JAX London 2016
JAX is a four-day conference for Java & Software Innovation in London. The conference is composed of two days of the actual conference and two days of workshops. This year, Maarten Gerritsen, Dennis Nijssen and Philippe Polanus had the opportunity to attend the conference-part of JAX London, which started on October 11th, to hear everything about all the popular tech buzzwords like microservices, continuous delivery and DevOps.
We flew from Amsterdam to London the night before the conference started. After landing on Heathrow airport, it took us over an hour with the Underground before we reached our hotel. To our surprise there was a pub right below our hotel, how convenient! So after checking in and getting something to eat, we went to the pub for drinks.
The next morning we decided to walk to the Business Design Centre, because it was going to be a nice sunny day. After a 15 minute walk we arrived at the conference hall and picked up our badges at the registration desk and made our way to the auditorium where the first session would be.
JAX started with a keynote by James Governor, who had an interesting talk about how a lot of big companies like Twitter, Netflix and Amazon have shifted towards Java based technologies to solve several problems they ran into while growing, for instance scalability and maintainability issues. And how these companies are contributing to the open source community by sharing their architecture and technologies.
After this talk, the parallel sessions began and we chose a session about developing microservices with aggregates and event sourcing, where Chris Richardson shared his view on how the traditional Domain Model pattern does not work well with microservices, what aggregates are and how these can be used within a microservice architecture. Chris recently posted an article about this as well.
Between each session there was enough time to get some tea or coffee, talk some more about the subjects from each session, or get some fresh air (because it was pretty warm inside).
For the next session we decided to split up. While Maarten went to a session about High-speed continuous delivery, Dennis and Philippe went to a session called “Secure by Design” where a couple of Security Design Principles were explained and discussed. A few we would like to share are Separate responsibilities, which is all about limiting the impact of a successful attack. And the second one is Defence in depth, that is all about securing every layer of your architecture.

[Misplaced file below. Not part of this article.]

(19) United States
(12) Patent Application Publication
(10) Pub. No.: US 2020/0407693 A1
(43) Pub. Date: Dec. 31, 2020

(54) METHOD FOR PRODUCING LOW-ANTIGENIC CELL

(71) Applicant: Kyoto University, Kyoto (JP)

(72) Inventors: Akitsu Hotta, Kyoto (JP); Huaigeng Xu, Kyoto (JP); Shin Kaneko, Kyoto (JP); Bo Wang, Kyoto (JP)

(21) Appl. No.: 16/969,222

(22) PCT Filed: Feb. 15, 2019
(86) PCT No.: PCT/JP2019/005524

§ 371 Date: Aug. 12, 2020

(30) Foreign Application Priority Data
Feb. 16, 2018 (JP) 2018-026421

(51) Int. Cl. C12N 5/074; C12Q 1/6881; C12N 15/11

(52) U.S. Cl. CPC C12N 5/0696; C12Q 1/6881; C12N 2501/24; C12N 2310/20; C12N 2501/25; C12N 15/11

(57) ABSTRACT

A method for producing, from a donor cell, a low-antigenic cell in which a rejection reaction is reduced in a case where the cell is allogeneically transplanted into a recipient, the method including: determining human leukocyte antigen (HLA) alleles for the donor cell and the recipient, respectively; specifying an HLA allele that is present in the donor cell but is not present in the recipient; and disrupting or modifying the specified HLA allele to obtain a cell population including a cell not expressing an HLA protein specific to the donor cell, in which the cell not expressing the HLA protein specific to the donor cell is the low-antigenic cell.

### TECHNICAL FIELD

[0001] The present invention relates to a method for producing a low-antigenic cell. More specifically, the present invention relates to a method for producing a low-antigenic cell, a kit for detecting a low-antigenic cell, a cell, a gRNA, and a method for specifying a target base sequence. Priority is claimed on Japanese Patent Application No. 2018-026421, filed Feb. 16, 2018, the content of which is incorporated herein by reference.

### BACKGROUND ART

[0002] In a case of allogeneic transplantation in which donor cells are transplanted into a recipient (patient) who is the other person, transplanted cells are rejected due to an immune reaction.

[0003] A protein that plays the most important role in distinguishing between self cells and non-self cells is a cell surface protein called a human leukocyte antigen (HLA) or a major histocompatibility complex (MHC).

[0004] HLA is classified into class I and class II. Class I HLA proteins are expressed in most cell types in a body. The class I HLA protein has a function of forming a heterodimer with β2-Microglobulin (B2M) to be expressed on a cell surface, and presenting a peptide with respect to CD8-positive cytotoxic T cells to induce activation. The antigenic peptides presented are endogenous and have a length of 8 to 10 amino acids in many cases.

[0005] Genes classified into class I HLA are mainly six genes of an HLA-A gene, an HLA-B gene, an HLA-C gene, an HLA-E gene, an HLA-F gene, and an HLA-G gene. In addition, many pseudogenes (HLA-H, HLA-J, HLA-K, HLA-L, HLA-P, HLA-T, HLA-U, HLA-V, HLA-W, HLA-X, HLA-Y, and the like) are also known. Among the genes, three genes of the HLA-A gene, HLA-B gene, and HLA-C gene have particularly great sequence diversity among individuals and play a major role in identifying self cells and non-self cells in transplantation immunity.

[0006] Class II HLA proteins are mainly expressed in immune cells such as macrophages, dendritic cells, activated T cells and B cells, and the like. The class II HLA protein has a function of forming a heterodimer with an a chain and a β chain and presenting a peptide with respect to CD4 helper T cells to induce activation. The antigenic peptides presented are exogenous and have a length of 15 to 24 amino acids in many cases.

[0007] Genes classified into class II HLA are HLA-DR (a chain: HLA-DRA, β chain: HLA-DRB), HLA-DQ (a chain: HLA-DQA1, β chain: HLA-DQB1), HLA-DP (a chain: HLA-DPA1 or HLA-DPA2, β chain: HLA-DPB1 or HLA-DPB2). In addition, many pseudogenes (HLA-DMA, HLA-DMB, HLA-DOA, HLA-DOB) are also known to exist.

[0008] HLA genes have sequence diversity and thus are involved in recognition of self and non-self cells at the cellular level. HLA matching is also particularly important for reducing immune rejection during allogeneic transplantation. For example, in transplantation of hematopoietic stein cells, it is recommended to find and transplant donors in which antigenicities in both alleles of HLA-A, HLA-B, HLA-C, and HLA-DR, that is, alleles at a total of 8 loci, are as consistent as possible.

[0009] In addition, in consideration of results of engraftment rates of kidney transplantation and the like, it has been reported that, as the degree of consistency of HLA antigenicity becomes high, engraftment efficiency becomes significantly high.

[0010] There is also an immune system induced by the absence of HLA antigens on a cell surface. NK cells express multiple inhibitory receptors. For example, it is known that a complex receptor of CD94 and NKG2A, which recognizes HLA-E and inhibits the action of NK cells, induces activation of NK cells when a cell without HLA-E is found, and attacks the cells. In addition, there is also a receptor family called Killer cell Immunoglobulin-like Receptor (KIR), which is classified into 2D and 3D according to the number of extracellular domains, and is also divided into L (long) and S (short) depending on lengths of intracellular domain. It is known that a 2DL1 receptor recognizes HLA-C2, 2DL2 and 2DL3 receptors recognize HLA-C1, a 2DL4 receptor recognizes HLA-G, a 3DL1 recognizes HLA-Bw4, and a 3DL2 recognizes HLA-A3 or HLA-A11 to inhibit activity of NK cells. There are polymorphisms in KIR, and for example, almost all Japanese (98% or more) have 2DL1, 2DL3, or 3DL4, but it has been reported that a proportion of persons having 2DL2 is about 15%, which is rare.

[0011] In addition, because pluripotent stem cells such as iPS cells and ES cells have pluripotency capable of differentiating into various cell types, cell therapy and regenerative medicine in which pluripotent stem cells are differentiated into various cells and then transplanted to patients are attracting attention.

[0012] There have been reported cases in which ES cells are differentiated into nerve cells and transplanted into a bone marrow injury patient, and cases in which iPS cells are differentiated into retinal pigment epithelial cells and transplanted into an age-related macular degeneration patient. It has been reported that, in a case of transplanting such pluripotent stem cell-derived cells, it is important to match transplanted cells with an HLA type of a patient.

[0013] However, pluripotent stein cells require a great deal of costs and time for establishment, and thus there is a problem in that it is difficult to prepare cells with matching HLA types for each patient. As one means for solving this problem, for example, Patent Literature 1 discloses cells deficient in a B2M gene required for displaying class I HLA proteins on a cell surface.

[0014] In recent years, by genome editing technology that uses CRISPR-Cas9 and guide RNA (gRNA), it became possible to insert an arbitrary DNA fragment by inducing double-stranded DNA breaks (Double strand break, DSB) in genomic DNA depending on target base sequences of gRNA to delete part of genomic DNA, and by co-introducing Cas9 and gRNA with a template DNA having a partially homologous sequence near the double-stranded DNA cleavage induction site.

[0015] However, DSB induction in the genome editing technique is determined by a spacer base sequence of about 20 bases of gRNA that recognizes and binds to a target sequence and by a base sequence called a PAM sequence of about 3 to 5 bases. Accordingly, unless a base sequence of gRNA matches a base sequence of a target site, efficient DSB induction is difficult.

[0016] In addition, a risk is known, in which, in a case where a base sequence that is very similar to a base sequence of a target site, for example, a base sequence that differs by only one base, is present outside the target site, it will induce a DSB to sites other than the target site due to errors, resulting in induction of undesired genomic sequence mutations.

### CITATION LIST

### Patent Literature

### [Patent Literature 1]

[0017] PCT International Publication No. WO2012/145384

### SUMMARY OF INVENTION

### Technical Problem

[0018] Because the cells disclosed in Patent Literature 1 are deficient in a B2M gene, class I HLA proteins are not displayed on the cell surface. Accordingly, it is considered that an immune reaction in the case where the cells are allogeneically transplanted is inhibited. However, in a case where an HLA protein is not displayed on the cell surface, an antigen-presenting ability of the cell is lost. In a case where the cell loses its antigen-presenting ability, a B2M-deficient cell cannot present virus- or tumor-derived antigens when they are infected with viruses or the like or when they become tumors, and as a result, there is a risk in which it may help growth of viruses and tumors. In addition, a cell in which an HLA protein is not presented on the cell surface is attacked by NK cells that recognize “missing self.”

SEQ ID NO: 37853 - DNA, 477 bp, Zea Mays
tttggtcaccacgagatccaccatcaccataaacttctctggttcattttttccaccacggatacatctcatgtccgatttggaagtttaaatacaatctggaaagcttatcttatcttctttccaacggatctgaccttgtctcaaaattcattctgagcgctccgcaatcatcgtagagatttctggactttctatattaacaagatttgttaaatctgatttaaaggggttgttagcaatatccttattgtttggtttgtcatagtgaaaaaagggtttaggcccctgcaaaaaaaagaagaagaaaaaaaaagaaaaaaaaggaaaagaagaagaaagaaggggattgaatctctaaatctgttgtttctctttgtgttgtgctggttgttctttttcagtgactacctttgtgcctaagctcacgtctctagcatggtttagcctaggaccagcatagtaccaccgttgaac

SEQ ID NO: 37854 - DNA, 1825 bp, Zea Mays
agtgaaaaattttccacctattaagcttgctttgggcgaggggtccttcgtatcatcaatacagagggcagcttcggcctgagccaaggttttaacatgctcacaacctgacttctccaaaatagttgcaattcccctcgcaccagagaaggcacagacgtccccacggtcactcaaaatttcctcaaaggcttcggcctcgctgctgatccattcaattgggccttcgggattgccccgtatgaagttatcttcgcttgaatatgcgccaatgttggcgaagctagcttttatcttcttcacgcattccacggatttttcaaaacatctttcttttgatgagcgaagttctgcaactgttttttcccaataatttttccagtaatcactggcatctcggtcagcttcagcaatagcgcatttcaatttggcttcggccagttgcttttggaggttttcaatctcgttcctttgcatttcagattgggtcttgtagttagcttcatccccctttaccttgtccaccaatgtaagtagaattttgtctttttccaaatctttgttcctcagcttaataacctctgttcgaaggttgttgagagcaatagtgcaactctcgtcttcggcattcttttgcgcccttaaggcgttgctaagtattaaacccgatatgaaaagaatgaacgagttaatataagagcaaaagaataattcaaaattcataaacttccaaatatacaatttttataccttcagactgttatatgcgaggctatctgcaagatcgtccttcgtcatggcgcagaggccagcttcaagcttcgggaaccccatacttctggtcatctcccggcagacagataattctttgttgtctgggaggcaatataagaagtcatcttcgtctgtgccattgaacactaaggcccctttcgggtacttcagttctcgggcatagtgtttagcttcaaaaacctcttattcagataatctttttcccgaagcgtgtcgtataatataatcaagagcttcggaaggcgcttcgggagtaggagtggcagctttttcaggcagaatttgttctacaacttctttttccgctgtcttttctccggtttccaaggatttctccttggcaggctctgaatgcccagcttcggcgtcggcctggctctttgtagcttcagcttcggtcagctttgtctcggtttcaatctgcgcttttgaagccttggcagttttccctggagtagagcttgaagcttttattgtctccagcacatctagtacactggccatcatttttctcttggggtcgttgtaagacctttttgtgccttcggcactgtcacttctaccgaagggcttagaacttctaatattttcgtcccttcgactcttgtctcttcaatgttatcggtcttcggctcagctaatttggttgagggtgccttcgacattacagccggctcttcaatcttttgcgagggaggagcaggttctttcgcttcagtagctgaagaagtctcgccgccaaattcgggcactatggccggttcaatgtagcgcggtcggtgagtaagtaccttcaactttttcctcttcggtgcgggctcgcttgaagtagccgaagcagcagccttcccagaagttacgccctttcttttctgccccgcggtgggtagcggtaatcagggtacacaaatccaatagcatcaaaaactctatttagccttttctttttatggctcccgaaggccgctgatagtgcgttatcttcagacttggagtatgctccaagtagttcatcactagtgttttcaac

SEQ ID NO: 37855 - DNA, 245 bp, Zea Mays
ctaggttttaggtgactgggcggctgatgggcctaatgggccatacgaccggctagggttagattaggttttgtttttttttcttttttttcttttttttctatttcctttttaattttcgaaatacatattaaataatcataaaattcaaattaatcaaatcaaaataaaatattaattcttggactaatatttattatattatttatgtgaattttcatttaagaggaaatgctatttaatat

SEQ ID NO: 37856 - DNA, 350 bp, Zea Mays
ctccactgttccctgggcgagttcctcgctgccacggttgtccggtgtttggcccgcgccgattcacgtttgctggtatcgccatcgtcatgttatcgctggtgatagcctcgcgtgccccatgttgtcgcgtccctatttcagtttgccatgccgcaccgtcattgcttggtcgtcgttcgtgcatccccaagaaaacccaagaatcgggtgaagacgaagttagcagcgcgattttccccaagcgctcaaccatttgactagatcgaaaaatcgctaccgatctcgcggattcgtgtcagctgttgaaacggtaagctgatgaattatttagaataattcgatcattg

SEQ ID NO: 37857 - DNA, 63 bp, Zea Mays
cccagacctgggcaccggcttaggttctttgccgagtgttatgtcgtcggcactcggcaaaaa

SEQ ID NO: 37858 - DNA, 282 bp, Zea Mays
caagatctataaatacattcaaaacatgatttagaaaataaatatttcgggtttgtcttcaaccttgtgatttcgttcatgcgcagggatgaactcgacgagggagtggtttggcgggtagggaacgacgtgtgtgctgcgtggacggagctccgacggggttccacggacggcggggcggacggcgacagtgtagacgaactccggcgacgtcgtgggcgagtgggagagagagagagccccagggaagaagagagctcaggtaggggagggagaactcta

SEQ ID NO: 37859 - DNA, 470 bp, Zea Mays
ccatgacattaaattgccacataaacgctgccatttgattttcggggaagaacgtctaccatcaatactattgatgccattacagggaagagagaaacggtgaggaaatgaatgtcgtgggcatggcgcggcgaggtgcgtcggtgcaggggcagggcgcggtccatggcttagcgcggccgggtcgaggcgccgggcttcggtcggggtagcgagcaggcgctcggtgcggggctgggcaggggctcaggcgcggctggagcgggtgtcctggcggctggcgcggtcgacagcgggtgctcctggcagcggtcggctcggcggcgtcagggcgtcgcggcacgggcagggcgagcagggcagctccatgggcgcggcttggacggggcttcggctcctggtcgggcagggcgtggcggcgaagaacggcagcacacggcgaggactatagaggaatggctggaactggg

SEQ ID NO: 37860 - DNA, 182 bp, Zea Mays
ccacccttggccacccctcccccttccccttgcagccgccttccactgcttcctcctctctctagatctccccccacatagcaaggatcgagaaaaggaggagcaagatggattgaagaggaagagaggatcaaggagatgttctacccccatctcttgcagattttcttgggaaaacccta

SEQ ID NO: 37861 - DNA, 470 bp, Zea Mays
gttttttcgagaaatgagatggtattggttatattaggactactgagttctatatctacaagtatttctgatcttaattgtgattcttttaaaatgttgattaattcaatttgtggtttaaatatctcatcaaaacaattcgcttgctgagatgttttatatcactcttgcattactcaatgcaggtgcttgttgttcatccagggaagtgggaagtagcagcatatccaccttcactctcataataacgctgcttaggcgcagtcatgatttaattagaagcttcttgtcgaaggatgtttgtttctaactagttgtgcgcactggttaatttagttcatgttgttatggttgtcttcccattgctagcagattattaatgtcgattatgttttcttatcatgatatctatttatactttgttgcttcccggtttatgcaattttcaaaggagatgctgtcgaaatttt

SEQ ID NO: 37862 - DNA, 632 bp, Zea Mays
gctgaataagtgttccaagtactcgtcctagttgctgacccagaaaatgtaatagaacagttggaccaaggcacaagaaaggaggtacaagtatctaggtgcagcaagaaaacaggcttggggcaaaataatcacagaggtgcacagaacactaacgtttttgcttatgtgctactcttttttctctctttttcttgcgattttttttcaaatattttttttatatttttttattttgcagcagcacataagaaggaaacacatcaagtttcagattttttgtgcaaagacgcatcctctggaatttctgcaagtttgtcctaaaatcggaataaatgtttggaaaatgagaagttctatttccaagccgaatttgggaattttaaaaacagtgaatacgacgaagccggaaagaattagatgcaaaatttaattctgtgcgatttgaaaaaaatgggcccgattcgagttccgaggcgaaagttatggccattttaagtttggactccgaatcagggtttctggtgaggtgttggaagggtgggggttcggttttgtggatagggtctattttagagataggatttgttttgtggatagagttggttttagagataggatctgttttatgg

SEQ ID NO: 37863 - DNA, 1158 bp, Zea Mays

After a nice lunch and some more fresh air, we joined an interesting session given by people from Sonatype, who showed some new tools that can detect which known vulnerabilities exist in open source libraries that are being used within your applications, and to which versions they can be upgraded to fix those vulnerabilities. After this session our badges were scanned and we just received an email from Sonatype, giving us the opportunity to scan some of our applications for free! Can’t wait to check some of the applications we have recently built!
At the end of day 1 we had a session with all the ins and outs about Java Collections, and we listened to Niklas Gustavsson who works at Spotify. He gave us some insight in how Spotify is operating their back-end, how their DevOps teams (or squads as they call them) consist of all skills needed for the services they develop and how each squad is responsible for the maintenance of all the services they build.
After a whole day of talks, it was time to do some sightseeing and have dinner and drinks!
On day 2 Philippe and Maarten attended a session about asynchronous programming in Java and the benefits it gives in performance and scalability because threads are no longer blocked by requests. In a live coding session we saw examples of how CompletableFuture’s, introduced in Java 8, can be used to asynchronously retrieve data (for example through HTTP requests or from a database), how this shortens the duration of requests and how threads are being used optimally to reduce the number of threads needed to handle requests.
Meanwhile, Dennis attended a session called “The Serverless Cloud“, which was all about FaaS (Function as a Service), where several event-driven cloud platforms such as AWS Lambda, Microsoft Azure Cloud Functions and Google Cloud Functions were discussed. These platforms are all about pay per execution, no running servers and enable great scalability.
Next session was about Mesos. In this talk David Greenberg, who wrote the O’Reilly book “Building Applications on Mesos”, explained what benefits Mesos brings compared to Kubernetes, Docker Swarm and other Container Orchestration Tools, for instance its great scalability, up to tens of thousands of nodes. He also gave some pointers on how to start using Mesos, with tools like Mesos Marathon and DC/OS.
The last interesting talk of the conference was about JUnit 5. We got a preview of new things to come in version 5, like the assertAll method, which can combine assertions and will give information about all the assertion failures, instead of just the first failure. Another new feature is Dynamic Tests, which can be used to generate test cases at runtime instead of compile time. JUnit 5 will also come with a lot of extensibility options, from annotations to implementing custom test-engines, allowing developers to use all the features of JUnit in other languages than Java.
That concluded the JAX London 2016 conference. It has been a very interesting conference with a great variety of topics and great speakers! It did not conclude our trip to London though, because we took the opportunity to see all the highlights of the city London on day 3!
We had a full day available to visit London, because we would only fly back to Amsterdam at night. Instead of telling you, we’ll just share a few of the pictures we took!